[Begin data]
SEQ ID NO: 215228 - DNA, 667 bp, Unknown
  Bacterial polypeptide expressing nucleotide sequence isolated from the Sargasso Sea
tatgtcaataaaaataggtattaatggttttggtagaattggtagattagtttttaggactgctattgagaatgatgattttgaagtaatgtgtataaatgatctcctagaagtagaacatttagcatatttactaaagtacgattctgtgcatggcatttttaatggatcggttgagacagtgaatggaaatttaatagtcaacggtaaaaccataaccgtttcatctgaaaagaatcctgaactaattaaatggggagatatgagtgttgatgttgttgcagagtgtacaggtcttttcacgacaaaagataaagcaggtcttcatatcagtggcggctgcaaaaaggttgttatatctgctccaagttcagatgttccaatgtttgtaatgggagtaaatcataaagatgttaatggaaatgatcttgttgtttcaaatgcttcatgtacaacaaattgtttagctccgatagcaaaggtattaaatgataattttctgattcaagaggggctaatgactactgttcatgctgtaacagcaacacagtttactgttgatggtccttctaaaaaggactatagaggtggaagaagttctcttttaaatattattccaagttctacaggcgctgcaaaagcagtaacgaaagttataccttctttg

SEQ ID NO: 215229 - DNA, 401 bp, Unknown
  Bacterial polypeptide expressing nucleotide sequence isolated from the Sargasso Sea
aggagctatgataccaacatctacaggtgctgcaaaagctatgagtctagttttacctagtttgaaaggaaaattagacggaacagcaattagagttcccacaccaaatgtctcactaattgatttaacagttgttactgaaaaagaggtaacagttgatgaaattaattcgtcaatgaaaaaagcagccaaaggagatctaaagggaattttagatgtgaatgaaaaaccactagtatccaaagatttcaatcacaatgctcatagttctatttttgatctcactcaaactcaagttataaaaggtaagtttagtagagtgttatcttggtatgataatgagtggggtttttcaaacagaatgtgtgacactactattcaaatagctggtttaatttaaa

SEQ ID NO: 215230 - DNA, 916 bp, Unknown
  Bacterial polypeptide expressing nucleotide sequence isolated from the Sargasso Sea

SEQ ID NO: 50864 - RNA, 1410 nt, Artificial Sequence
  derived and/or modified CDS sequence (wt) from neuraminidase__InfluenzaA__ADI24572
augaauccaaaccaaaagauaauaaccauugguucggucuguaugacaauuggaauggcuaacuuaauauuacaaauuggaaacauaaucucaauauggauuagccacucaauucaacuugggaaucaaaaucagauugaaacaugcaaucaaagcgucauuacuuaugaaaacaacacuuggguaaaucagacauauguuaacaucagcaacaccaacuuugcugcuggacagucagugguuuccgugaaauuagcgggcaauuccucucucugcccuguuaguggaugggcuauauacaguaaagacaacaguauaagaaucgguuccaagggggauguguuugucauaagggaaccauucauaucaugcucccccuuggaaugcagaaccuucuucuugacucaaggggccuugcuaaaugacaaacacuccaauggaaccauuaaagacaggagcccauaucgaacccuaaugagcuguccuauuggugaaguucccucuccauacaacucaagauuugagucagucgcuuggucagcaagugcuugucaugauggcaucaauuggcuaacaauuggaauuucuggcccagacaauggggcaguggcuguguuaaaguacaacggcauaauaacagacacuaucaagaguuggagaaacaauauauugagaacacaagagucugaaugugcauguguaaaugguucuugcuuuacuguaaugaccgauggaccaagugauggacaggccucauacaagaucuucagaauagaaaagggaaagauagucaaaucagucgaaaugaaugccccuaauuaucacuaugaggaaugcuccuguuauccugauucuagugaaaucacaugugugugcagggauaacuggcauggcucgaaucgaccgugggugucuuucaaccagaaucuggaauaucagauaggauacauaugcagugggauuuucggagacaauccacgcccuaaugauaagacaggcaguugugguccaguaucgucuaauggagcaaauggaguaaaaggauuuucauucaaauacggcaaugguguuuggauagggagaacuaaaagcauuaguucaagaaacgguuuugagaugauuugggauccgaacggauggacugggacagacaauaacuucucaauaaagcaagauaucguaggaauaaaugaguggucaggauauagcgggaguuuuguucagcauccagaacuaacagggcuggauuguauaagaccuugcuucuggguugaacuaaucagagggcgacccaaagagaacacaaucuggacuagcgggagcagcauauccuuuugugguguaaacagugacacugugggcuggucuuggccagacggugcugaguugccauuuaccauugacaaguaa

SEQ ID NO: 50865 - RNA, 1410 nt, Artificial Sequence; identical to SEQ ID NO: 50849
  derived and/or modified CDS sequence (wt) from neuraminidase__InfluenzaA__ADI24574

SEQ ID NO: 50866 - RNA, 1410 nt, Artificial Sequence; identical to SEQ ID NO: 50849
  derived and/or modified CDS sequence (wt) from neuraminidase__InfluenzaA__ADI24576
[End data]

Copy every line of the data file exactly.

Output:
SEQ ID NO: 215228 - DNA, 667 bp, Unknown
  Bacterial polypeptide expressing nucleotide sequence isolated from the Sargasso Sea
tatgtcaataaaaataggtattaatggttttggtagaattggtagattagtttttaggactgctattgagaatgatgattttgaagtaatgtgtataaatgatctcctagaagtagaacatttagcatatttactaaagtacgattctgtgcatggcatttttaatggatcggttgagacagtgaatggaaatttaatagtcaacggtaaaaccataaccgtttcatctgaaaagaatcctgaactaattaaatggggagatatgagtgttgatgttgttgcagagtgtacaggtcttttcacgacaaaagataaagcaggtcttcatatcagtggcggctgcaaaaaggttgttatatctgctccaagttcagatgttccaatgtttgtaatgggagtaaatcataaagatgttaatggaaatgatcttgttgtttcaaatgcttcatgtacaacaaattgtttagctccgatagcaaaggtattaaatgataattttctgattcaagaggggctaatgactactgttcatgctgtaacagcaacacagtttactgttgatggtccttctaaaaaggactatagaggtggaagaagttctcttttaaatattattccaagttctacaggcgctgcaaaagcagtaacgaaagttataccttctttg

SEQ ID NO: 215229 - DNA, 401 bp, Unknown
  Bacterial polypeptide expressing nucleotide sequence isolated from the Sargasso Sea
aggagctatgataccaacatctacaggtgctgcaaaagctatgagtctagttttacctagtttgaaaggaaaattagacggaacagcaattagagttcccacaccaaatgtctcactaattgatttaacagttgttactgaaaaagaggtaacagttgatgaaattaattcgtcaatgaaaaaagcagccaaaggagatctaaagggaattttagatgtgaatgaaaaaccactagtatccaaagatttcaatcacaatgctcatagttctatttttgatctcactcaaactcaagttataaaaggtaagtttagtagagtgttatcttggtatgataatgagtggggtttttcaaacagaatgtgtgacactactattcaaatagctggtttaatttaaa

SEQ ID NO: 215230 - DNA, 916 bp, Unknown
  Bacterial polypeptide expressing nucleotide sequence isolated from the Sargasso Sea

SEQ ID NO: 50864 - RNA, 1410 nt, Artificial Sequence
  derived and/or modified CDS sequence (wt) from neuraminidase__InfluenzaA__ADI24572
augaauccaaaccaaaagauaauaaccauugguucggucuguaugacaauuggaauggcuaacuuaauauuacaaauuggaaacauaaucucaauauggauuagccacucaauucaacuugggaaucaaaaucagauugaaacaugcaaucaaagcgucauuacuuaugaaaacaacacuuggguaaaucagacauauguuaacaucagcaacaccaacuuugcugcuggacagucagugguuuccgugaaauuagcgggcaauuccucucucugcccuguuaguggaugggcuauauacaguaaagacaacaguauaagaaucgguuccaagggggauguguuugucauaagggaaccauucauaucaugcucccccuuggaaugcagaaccuucuucuugacucaaggggccuugcuaaaugacaaacacuccaauggaaccauuaaagacaggagcccauaucgaacccuaaugagcuguccuauuggugaaguucccucuccauacaacucaagauuugagucagucgcuuggucagcaagugcuugucaugauggcaucaauuggcuaacaauuggaauuucuggcccagacaauggggcaguggcuguguuaaaguacaacggcauaauaacagacacuaucaagaguuggagaaacaauauauugagaacacaagagucugaaugugcauguguaaaugguucuugcuuuacuguaaugaccgauggaccaagugauggacaggccucauacaagaucuucagaauagaaaagggaaagauagucaaaucagucgaaaugaaugccccuaauuaucacuaugaggaaugcuccuguuauccugauucuagugaaaucacaugugugugcagggauaacuggcauggcucgaaucgaccgugggugucuuucaaccagaaucuggaauaucagauaggauacauaugcagugggauuuucggagacaauccacgcccuaaugauaagacaggcaguugugguccaguaucgucuaauggagcaaauggaguaaaaggauuuucauucaaauacggcaaugguguuuggauagggagaacuaaaagcauuaguucaagaaacgguuuugagaugauuugggauccgaacggauggacugggacagacaauaacuucucaauaaagcaagauaucguaggaauaaaugaguggucaggauauagcgggaguuuuguucagcauccagaacuaacagggcuggauuguauaagaccuugcuucuggguugaacuaaucagagggcgacccaaagagaacacaaucuggacuagcgggagcagcauauccuuuugugguguaaacagugacacugugggcuggucuuggccagacggugcugaguugccauuuaccauugacaaguaa

SEQ ID NO: 50865 - RNA, 1410 nt, Artificial Sequence; identical to SEQ ID NO: 50849
  derived and/or modified CDS sequence (wt) from neuraminidase__InfluenzaA__ADI24574

SEQ ID NO: 50866 - RNA, 1410 nt, Artificial Sequence; identical to SEQ ID NO: 50849
  derived and/or modified CDS sequence (wt) from neuraminidase__InfluenzaA__ADI24576